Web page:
Thanks for making me think today!
Thanks for this challenge, Dan. Your words have moved me to action.
When I first began writing, I was a new believer and I stood like a newborn giraffe. I was wobbly in both my faith and in my writing. I remember having a conversation with my grandfather in his writing basement. I told him I had strong feelings about what I wanted to write, but I was afraid that if I wrote what I felt, I would offend family and loved ones. “You should write what you feel strongly about writing,” he said. “Besides, there are plenty of books with explicit sex that do pretty well.”
“But Grandpa,” I replied. “I want to write about God.” And he sat mute for a minute, likely processing what my mind had been racing over for months, that most of my family and friends are non-believers and some are against the entire notion of God.
“Well then, by all means,” he finally replied. “You should write what you feel you should write.”
Sandy Faye Mauck
Amen, Dan. I think my biggest fear is that the editors will edit out my stance. But I won’t go there. I have been a wimp in a lot of areas in my life but not with God. He has brought me through the fire too many times to get me where He wants me.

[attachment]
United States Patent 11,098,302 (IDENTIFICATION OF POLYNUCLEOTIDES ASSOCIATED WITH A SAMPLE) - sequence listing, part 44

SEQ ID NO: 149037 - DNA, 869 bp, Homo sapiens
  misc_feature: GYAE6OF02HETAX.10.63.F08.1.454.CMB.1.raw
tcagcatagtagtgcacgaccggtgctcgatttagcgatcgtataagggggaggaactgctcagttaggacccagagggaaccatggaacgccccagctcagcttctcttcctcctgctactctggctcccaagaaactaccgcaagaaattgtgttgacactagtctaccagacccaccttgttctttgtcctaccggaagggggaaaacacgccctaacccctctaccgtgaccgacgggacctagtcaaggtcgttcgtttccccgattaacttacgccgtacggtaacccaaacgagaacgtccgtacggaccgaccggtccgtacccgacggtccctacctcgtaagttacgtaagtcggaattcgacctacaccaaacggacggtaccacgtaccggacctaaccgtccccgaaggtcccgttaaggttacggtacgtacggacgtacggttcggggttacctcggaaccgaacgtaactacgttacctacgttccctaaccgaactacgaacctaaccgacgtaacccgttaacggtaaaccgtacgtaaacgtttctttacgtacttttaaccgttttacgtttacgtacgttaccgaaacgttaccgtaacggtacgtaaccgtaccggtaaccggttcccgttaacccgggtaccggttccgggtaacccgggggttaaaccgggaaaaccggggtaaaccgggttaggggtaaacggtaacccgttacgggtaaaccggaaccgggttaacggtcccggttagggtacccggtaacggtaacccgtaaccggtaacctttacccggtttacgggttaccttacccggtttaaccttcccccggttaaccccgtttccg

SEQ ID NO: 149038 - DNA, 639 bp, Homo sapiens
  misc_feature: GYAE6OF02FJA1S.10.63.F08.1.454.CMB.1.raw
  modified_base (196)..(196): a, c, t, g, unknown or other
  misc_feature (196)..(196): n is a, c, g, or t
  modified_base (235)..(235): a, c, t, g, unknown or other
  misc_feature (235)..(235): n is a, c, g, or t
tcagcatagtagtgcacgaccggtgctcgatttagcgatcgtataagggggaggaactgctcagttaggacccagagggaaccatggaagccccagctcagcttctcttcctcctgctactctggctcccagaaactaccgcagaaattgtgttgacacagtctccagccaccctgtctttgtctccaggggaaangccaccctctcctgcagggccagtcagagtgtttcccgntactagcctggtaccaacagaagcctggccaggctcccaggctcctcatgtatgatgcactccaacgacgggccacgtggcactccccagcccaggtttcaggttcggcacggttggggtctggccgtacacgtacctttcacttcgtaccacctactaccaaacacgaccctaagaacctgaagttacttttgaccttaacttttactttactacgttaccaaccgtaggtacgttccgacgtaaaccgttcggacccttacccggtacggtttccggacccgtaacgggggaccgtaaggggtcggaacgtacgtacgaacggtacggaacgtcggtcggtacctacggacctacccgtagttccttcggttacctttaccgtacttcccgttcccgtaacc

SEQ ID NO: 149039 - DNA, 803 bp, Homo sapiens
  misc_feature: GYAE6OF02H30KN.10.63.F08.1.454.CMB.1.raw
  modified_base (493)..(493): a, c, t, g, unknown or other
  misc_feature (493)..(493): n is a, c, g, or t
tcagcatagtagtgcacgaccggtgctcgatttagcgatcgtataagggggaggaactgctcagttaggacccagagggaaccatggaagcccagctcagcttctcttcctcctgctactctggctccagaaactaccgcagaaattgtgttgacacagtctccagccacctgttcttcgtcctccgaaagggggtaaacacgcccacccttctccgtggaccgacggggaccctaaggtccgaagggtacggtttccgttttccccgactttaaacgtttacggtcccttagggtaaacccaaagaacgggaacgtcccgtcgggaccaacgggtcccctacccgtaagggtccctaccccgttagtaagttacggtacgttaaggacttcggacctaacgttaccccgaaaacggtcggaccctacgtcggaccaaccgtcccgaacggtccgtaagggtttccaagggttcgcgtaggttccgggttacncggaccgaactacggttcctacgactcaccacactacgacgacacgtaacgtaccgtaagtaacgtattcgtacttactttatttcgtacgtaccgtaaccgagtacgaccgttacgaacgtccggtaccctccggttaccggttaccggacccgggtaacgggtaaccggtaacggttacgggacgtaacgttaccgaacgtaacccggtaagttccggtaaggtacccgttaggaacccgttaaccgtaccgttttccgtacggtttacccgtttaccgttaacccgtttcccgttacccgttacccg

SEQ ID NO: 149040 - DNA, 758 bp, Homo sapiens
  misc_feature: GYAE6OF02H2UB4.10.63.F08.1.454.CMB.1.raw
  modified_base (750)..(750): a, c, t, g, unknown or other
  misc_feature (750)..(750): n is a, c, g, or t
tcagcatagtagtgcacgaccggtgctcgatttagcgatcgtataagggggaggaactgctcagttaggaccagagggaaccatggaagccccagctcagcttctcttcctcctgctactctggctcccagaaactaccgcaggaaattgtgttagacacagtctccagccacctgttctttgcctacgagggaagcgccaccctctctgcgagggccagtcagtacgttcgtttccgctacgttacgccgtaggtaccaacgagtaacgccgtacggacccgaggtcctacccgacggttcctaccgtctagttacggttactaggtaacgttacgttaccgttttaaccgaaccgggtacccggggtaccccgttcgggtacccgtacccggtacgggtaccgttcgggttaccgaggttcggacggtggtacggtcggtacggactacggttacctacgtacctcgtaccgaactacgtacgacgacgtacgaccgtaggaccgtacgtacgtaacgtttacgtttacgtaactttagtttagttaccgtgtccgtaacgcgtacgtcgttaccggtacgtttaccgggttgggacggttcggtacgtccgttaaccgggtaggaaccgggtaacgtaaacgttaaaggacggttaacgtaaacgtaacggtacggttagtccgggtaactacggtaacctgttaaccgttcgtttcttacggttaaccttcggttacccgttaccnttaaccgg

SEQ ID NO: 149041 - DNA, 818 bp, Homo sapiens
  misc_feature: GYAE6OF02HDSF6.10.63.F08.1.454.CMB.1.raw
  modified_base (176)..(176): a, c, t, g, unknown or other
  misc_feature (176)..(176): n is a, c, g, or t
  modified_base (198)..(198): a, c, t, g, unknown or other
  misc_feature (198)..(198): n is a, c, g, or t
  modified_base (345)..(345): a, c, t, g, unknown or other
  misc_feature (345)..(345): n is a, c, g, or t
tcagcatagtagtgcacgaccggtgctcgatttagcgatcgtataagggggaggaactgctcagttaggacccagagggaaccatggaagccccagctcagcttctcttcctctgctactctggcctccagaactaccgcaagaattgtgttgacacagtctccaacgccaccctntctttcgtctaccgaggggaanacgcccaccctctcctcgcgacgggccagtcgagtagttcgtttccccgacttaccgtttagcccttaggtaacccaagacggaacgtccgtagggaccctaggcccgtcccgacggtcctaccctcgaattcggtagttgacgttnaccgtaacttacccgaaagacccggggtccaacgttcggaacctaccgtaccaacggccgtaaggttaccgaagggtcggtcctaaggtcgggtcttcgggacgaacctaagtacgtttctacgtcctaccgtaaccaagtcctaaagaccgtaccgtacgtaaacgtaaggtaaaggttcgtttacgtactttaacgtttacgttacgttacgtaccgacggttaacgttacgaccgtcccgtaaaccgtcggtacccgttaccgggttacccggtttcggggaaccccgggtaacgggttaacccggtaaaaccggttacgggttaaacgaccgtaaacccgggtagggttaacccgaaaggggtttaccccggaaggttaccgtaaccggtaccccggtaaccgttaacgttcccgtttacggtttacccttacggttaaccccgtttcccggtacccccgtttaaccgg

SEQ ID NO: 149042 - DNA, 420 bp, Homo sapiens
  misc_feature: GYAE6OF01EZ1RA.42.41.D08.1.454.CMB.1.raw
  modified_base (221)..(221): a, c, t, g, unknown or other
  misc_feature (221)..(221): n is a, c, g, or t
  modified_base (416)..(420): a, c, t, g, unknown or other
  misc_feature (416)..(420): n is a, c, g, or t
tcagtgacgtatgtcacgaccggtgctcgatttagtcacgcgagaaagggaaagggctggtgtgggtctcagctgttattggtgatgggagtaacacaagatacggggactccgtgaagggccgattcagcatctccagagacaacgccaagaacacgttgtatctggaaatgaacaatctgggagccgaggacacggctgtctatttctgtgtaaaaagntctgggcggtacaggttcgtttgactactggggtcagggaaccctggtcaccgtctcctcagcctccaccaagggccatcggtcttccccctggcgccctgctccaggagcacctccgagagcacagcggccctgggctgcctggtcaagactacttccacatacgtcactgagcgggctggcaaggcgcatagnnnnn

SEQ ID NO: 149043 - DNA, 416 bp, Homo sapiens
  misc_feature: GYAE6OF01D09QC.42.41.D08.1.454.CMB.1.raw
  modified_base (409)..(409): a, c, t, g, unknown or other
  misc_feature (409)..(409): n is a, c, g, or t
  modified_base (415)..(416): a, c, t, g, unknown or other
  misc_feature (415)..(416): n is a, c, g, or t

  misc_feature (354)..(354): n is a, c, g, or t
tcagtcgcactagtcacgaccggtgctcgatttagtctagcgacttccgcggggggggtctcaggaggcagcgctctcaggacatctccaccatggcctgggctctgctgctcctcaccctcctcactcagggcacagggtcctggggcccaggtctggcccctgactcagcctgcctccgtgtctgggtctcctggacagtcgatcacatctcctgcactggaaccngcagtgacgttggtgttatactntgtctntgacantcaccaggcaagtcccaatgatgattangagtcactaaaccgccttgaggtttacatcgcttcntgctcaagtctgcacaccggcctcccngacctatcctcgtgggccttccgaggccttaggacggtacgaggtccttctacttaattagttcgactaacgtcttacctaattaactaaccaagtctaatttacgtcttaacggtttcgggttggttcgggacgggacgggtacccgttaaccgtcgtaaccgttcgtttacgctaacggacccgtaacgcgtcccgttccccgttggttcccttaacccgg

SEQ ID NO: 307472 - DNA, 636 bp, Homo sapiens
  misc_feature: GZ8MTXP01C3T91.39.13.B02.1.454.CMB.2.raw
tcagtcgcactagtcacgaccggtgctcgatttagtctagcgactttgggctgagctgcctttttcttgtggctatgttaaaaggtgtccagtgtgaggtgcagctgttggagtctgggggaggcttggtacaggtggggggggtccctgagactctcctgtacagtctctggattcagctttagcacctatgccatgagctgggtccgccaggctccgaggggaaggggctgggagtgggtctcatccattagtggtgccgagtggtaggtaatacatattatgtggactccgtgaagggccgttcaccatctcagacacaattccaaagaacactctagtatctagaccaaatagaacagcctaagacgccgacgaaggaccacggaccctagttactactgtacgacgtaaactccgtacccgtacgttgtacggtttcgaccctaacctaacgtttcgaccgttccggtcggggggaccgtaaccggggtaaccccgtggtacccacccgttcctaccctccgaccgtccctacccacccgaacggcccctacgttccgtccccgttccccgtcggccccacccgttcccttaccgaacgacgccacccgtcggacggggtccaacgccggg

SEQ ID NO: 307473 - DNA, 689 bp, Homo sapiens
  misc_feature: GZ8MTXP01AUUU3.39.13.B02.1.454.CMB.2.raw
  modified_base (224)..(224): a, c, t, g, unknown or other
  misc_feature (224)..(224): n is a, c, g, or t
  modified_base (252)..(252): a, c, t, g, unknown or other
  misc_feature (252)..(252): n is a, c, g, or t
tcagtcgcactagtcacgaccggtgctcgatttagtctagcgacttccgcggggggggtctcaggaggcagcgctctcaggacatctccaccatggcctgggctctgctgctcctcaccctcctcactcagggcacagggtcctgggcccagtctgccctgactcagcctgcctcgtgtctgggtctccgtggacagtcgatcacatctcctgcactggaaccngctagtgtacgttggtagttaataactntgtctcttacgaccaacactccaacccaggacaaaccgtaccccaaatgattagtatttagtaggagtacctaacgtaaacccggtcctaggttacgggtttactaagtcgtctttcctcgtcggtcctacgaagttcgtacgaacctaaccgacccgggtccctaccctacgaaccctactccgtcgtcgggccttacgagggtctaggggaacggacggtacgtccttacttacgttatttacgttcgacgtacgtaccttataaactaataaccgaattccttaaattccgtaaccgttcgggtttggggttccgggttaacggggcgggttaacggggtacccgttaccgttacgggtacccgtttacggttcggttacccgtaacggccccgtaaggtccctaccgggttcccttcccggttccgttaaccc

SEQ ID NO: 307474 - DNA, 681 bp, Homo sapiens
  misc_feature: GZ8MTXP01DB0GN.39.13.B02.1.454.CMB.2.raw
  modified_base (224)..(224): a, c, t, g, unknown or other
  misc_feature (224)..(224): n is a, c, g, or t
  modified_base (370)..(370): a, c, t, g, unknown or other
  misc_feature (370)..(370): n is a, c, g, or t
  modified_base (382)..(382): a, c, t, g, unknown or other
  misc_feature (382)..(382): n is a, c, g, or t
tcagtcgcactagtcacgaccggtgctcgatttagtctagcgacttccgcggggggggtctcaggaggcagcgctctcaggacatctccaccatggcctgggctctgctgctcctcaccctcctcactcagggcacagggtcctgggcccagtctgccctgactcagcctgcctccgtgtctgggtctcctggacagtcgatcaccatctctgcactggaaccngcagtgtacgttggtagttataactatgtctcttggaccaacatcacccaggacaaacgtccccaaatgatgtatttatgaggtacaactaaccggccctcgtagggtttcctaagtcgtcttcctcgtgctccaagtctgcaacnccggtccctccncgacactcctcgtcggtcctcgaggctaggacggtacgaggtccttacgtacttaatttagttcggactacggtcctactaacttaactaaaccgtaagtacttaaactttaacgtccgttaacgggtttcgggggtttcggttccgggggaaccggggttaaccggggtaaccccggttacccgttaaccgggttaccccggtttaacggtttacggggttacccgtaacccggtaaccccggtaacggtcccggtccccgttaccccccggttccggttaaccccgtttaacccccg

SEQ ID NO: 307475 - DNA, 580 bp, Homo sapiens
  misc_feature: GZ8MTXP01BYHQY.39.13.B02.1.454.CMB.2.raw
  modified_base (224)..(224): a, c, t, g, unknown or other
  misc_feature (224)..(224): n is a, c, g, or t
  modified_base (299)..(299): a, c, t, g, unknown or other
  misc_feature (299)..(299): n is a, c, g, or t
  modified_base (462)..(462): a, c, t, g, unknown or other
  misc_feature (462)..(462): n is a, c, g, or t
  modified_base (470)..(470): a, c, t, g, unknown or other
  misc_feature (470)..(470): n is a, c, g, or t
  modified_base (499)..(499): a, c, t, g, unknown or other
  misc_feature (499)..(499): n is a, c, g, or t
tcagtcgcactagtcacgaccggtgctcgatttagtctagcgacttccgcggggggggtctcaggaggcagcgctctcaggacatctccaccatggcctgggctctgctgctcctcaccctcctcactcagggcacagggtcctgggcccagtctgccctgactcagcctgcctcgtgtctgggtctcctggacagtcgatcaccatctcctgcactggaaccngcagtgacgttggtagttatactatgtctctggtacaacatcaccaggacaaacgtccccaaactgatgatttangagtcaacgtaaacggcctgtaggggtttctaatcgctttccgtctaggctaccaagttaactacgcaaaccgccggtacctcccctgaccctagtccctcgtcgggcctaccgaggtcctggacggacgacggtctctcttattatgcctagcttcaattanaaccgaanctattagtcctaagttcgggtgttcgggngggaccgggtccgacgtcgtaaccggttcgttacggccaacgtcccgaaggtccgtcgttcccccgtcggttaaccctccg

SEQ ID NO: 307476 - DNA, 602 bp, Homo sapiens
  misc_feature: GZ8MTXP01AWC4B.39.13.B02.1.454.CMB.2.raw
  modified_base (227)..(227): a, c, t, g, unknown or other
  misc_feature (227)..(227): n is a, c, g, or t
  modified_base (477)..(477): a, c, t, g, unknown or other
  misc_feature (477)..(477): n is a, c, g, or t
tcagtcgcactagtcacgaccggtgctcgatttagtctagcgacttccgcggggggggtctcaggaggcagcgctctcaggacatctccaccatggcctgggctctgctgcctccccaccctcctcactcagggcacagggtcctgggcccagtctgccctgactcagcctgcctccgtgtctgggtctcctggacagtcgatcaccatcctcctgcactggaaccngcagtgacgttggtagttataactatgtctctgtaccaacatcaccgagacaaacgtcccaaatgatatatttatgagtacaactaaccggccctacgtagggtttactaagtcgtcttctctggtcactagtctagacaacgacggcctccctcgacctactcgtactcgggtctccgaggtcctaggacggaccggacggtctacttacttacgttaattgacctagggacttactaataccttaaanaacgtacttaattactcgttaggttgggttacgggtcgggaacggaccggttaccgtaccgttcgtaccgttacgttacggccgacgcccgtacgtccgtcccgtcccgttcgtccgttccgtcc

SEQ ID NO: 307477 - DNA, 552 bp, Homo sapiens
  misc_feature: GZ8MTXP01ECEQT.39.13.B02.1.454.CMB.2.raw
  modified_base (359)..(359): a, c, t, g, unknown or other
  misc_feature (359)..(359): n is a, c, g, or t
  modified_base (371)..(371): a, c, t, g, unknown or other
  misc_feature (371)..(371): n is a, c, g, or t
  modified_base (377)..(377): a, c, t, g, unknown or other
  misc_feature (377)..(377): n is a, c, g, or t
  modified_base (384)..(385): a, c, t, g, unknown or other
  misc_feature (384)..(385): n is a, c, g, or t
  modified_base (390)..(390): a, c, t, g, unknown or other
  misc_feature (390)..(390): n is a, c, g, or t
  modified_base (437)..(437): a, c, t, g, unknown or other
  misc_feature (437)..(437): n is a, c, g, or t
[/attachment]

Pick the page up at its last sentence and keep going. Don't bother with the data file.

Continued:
This morning God said to me “Esther”. You post was timely! Thanks.
“The enemy does not like truth and will fight back.” So true! And the enemy is very tricky in how he fights back. Distractions from keeping writers from their story comes in many forms. Discernment is key when sorting out the noise of the world and I am so thankful for the Truth.
It’s been said that if you don’t stand for something, you stand for nothing.
Peter DeHaan, the corollary to that is that if you don’t stand for something, you’ll fall for anything.
I try to strike a balance between taking a stand and not being obnoxious. Sometimes, when we are passionate about an issue, we let emotion trump reason. Never a good thing.
However, we cannot let rationalization trump conviction, either.
Thank you, Dan, for bringing this to our attention.